The original. Photo (CC-BY-SA) Mickey Destro.

The original. Photo (CC-BY-SA) Mickey Destro.

If you’ve seen a review of Roland’s AIRA SYSTEM-1 synth – the keyboard and final member of the original AIRA quartet introduced earlier this year – it’s probably premature.

Word from Roland is that the SYSTEM-1 is still not quite finished. We’ve played it in an earlier form at Musikmesse. But at that point, firmware was still not done, and the synth model was the onboard default for the SYSTEM-1. You can hear Roland’s AIRA component modeling applied to a synth, and indeed, the SYSTEM-1 itself is straight out of the box a new, if fairly conventional, synthesizer.

Part of what Roland is pitching on the SYSTEM-1, though, is the ability to switch synth models. Connect to a computer, change what synth you want, unplug, and you can “plug-out” a new instrument.

To me, the big test of the SYSTEM-1 will be whether Roland has built a compelling model of its classic SH-101 synth. That seems to fit the form factor of the keyboard (and, perhaps, excuse its lack of velocity sensitivity). The question was when that would be done – and when AIRA was announced earlier this year, even Roland didn’t have a solid answer.

We might have an answer now. Apparently at Sweetwater’s Gear Fest this month, Roland first showed that SH-101 model – and another event is planned this week in London.

A quiet event announcement lists a premiere of the SH-101 model for the SYSTEM-1 on Thursday in London. In-person events were limited to a scant 20 people (I didn’t get in), but there appear to be sign-ups for a live webinar. So, yes, right after the USA squares off against Germany in the World Cup, you can see what the SH-101 will bring to the AIRA table.

Artist David Ålhund will be on-hand to show the new instrument, as well as play on the other AIRAs, followed by a discussion with Bullet Dodge’s Gareth Whitehead and Mike Greig from SSR London along with Marshall Jefferson, Adamski, Luke Solomon and guests.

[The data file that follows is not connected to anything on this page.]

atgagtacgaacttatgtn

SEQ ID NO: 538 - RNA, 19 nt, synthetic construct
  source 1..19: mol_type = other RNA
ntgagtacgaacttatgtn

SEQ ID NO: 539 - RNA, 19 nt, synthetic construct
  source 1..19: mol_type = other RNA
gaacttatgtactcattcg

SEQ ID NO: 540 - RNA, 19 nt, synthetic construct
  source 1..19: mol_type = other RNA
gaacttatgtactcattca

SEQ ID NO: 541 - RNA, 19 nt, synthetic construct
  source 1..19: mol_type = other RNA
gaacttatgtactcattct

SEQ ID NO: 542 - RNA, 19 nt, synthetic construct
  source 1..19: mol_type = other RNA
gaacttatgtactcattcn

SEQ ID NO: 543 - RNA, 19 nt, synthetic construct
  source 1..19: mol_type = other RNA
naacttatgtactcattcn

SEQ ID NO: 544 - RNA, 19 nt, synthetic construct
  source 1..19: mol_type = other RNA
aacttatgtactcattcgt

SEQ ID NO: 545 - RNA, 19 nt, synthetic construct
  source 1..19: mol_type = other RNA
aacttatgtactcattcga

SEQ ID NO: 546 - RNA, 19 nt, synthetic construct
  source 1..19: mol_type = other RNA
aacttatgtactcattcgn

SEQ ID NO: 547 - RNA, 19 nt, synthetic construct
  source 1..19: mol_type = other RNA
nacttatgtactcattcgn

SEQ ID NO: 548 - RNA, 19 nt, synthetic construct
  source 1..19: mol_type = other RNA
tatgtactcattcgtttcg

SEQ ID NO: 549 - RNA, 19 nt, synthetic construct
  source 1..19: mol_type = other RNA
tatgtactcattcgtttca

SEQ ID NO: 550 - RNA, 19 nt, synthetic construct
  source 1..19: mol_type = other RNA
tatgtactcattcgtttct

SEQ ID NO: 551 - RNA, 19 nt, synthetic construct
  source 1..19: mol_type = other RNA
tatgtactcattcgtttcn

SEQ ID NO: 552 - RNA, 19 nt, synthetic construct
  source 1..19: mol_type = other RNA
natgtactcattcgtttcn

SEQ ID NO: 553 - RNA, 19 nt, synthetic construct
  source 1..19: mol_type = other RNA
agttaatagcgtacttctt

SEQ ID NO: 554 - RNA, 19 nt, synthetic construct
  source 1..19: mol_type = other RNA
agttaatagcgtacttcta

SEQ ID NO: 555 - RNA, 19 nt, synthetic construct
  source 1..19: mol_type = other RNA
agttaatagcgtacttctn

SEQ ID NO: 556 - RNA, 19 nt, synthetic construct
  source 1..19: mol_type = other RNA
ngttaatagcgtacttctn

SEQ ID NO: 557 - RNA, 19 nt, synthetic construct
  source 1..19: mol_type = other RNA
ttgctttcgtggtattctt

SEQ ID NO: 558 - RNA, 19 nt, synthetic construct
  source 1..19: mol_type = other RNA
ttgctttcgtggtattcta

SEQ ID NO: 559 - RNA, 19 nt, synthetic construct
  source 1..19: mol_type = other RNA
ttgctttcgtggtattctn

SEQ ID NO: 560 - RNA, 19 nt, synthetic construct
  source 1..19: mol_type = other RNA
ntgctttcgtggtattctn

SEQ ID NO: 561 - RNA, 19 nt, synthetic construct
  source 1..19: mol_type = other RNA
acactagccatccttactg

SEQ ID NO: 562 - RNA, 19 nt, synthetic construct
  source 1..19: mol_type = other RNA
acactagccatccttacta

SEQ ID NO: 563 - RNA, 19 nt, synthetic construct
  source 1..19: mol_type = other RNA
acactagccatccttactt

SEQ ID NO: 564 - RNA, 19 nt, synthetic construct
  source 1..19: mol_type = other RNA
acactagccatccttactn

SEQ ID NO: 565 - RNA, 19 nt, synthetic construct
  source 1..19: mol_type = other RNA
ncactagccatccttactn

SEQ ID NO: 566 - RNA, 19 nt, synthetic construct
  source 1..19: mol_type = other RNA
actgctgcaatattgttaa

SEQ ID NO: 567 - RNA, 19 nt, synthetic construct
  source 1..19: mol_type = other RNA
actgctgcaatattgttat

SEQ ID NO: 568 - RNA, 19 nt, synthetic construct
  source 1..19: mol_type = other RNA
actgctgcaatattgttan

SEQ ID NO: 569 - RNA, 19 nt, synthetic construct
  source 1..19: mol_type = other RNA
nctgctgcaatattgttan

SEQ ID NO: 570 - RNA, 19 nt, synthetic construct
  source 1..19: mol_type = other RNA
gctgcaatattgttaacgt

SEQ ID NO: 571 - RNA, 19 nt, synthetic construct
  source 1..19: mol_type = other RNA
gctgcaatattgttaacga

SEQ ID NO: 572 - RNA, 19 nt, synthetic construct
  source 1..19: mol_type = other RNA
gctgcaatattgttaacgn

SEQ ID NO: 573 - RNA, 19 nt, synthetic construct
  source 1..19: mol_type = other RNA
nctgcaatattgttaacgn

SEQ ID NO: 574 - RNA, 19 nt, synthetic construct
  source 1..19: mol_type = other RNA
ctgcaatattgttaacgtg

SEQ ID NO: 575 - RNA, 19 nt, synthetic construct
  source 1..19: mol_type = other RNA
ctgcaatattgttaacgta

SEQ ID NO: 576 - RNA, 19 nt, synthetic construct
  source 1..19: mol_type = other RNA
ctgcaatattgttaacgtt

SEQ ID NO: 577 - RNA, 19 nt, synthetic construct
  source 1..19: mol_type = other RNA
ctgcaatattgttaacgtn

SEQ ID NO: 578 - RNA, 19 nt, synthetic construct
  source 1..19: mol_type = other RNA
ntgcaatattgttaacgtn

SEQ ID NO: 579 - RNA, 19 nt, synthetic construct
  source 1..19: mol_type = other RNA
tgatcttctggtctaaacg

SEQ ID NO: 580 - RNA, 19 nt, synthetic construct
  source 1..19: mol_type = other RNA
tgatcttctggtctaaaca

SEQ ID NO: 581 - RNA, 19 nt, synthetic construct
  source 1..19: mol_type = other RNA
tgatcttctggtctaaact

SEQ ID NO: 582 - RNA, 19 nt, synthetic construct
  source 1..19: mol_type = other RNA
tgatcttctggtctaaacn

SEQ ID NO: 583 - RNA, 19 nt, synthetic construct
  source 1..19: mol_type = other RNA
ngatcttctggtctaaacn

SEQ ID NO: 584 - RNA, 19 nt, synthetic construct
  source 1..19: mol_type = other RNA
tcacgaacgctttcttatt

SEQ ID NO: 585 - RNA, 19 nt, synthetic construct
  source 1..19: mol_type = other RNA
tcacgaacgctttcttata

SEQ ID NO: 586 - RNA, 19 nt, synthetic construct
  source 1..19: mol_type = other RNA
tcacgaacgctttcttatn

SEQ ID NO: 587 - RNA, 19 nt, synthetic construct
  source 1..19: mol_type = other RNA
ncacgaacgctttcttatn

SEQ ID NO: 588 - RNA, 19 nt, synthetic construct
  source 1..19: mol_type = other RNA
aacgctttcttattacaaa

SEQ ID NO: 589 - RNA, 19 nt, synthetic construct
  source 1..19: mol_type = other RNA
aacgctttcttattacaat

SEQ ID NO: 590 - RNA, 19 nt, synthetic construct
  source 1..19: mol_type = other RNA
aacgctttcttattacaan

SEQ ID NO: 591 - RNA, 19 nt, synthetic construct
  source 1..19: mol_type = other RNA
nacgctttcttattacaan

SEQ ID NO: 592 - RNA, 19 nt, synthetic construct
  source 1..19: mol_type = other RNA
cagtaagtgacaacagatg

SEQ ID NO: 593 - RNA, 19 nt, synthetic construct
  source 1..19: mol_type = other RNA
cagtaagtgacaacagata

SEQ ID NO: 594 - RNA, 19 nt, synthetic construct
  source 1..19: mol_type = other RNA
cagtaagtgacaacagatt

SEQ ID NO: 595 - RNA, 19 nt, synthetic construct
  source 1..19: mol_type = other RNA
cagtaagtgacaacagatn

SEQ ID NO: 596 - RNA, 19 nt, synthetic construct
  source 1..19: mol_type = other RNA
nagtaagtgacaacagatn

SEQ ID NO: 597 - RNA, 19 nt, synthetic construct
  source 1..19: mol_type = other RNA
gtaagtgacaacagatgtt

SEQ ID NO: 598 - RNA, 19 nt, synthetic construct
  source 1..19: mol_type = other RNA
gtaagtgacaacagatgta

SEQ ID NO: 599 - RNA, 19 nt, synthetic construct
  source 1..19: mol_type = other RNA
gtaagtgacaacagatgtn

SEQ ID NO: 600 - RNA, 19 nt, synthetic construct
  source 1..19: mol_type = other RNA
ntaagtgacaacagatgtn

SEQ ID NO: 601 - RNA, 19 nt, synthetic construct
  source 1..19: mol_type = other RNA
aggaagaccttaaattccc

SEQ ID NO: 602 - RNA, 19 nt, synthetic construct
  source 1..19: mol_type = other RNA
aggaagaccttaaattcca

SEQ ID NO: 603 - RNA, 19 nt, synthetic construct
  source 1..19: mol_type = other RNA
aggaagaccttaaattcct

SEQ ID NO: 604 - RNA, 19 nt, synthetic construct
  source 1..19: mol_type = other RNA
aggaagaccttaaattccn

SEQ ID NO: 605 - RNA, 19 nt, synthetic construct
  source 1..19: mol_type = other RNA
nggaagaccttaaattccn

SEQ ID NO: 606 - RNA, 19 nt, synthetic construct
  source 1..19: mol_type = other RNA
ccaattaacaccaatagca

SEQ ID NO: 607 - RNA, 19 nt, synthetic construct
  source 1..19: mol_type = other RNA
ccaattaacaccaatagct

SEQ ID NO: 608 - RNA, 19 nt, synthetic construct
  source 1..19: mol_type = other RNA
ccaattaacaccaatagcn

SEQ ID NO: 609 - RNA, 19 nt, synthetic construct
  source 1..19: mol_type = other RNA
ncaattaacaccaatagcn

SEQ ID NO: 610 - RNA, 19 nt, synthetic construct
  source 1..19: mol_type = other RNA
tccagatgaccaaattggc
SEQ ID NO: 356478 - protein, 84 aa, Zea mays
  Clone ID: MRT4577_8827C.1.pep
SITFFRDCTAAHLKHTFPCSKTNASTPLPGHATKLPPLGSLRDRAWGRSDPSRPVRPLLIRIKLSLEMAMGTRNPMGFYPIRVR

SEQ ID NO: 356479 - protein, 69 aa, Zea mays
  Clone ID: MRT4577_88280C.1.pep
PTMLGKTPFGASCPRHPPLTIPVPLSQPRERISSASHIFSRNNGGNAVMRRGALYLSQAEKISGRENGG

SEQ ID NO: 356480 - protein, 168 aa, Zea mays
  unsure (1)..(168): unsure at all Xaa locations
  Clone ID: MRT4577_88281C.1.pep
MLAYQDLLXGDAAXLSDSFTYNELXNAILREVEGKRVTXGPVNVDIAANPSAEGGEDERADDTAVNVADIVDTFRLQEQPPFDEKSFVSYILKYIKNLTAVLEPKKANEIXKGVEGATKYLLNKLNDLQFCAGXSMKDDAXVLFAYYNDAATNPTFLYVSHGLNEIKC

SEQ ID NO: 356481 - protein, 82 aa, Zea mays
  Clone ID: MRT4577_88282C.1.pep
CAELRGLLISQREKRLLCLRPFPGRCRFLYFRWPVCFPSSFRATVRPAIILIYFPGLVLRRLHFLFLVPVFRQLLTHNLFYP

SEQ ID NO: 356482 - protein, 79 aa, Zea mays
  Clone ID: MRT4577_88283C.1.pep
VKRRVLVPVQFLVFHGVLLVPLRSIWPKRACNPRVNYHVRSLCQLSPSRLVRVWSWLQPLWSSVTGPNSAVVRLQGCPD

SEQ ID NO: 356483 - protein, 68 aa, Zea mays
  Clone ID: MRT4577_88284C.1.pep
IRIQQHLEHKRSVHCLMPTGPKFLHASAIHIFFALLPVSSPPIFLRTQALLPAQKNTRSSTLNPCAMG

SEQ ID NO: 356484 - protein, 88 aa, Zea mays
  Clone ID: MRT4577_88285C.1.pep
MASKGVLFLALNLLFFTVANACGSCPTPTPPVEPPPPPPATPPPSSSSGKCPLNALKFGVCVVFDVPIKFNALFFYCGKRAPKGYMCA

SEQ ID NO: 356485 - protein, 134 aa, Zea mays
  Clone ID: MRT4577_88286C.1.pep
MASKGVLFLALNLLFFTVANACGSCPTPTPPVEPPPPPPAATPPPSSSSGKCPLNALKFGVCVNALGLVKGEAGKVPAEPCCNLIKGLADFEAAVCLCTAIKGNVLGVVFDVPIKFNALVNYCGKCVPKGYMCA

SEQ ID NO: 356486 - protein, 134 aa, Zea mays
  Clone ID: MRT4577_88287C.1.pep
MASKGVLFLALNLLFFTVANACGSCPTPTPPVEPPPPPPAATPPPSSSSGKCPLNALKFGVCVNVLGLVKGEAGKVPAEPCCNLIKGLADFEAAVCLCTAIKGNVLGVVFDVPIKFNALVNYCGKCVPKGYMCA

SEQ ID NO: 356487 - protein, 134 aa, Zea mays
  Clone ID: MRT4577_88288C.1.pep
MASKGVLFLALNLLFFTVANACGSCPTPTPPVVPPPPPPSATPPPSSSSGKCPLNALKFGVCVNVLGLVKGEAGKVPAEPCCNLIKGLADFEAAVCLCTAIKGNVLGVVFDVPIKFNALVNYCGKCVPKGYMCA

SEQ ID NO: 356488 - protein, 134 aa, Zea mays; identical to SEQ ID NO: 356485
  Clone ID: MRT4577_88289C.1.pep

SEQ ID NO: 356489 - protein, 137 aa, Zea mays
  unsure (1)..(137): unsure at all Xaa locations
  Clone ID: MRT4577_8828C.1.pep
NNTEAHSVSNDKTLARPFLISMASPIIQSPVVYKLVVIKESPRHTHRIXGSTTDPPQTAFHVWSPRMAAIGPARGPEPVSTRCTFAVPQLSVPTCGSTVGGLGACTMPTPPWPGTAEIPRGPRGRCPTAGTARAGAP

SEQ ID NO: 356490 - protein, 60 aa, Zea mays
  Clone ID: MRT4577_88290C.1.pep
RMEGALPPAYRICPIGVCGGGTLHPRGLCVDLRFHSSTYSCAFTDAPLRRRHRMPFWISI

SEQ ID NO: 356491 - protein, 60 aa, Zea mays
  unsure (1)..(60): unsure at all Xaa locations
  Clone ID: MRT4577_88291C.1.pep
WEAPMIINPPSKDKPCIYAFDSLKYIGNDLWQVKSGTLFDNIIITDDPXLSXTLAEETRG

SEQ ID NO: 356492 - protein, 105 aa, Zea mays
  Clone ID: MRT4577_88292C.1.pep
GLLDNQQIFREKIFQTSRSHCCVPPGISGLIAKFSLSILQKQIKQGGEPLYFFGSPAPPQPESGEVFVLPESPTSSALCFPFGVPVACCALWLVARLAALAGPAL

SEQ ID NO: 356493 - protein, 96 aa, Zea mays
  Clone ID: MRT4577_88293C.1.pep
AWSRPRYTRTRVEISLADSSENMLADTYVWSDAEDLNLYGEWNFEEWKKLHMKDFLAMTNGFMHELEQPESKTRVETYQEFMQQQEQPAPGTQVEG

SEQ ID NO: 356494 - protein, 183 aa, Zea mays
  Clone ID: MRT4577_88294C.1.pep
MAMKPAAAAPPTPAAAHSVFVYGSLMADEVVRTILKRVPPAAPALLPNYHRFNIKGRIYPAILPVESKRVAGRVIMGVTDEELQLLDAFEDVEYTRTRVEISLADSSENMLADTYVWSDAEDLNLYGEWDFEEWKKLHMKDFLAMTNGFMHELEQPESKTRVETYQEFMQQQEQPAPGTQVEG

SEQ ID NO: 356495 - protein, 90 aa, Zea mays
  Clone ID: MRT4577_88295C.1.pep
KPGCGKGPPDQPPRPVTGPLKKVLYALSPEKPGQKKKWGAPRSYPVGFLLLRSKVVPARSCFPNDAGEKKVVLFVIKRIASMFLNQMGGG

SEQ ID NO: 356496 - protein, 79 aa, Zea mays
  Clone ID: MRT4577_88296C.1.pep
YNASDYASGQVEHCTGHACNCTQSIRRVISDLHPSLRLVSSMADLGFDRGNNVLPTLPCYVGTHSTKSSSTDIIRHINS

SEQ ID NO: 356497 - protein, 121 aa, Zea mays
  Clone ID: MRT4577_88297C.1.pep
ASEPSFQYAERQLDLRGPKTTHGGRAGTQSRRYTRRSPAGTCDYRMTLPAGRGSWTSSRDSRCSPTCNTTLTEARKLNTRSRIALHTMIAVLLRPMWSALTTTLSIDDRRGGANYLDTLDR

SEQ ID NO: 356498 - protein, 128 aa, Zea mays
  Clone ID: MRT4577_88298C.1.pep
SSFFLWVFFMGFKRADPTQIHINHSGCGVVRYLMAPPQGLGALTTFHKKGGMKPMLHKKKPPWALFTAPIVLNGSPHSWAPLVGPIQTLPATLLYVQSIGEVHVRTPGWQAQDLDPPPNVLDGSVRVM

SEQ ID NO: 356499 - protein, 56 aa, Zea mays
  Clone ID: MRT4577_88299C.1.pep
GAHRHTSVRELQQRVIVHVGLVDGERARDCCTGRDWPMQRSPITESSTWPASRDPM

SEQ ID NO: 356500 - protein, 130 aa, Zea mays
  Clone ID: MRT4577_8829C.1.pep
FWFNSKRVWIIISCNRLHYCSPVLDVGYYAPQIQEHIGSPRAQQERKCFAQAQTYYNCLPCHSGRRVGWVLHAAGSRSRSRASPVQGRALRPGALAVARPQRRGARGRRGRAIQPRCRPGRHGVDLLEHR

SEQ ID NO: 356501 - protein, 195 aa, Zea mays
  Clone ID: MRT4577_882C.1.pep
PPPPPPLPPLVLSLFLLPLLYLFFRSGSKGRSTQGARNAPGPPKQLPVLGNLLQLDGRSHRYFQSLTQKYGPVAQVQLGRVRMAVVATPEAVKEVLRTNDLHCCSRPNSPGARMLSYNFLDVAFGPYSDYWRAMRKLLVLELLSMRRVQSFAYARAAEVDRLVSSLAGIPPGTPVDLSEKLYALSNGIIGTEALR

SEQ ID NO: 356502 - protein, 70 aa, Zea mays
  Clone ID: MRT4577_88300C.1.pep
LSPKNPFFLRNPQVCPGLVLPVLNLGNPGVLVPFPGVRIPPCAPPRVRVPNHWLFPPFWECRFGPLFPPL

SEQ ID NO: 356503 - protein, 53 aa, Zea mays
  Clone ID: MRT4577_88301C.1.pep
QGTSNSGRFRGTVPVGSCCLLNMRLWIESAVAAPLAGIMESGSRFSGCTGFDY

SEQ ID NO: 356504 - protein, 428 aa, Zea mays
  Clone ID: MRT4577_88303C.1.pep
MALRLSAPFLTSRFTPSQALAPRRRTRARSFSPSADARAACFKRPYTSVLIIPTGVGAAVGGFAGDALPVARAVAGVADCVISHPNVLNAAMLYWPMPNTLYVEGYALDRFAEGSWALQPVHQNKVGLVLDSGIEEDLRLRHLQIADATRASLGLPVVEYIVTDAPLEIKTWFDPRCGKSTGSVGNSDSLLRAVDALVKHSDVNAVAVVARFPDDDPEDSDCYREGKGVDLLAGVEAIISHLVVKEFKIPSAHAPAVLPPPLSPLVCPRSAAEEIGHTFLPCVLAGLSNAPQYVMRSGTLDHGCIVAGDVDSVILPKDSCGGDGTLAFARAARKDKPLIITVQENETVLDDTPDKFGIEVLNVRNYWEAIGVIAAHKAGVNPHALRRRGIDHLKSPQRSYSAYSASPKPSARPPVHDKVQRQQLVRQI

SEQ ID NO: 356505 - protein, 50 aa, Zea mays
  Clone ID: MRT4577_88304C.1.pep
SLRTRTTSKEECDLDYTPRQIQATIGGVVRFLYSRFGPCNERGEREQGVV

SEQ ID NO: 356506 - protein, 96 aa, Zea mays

World Premiere SH101 Plug-Out – Marshall Jefferson & Guests [Eventful]

I’ve contacted Roland in Germany and the USA for more comment. And I hope CDM finally gets an AIRA for review.

Thanks to Nicolas Bougaïeff for the tip.

  • http://soundcloud.com/yanisko James Yanisko

    My biggest question before investing in this infrastructure:

    Roland has made similar products before, promising us this incredible machine that you could just plug in a new card and turn it into a different box: The VariOS being the most useful of this model and the V-Synth being the second most.

    They put out two cards: the D-50 and the Vocal Designer…..and I was heavily waiting for new ones since the inception. They even put out a new V-Synth with a new synth model – which I was hoping us early adopters would at least be able to get in a card….but alas, the VariOS does not even support more modern OSes, and while it had a few synths it could turn into as well as those two cards (and its native cool dawish interface)…..nothing new ever really came out for it other then what was announced when it came out.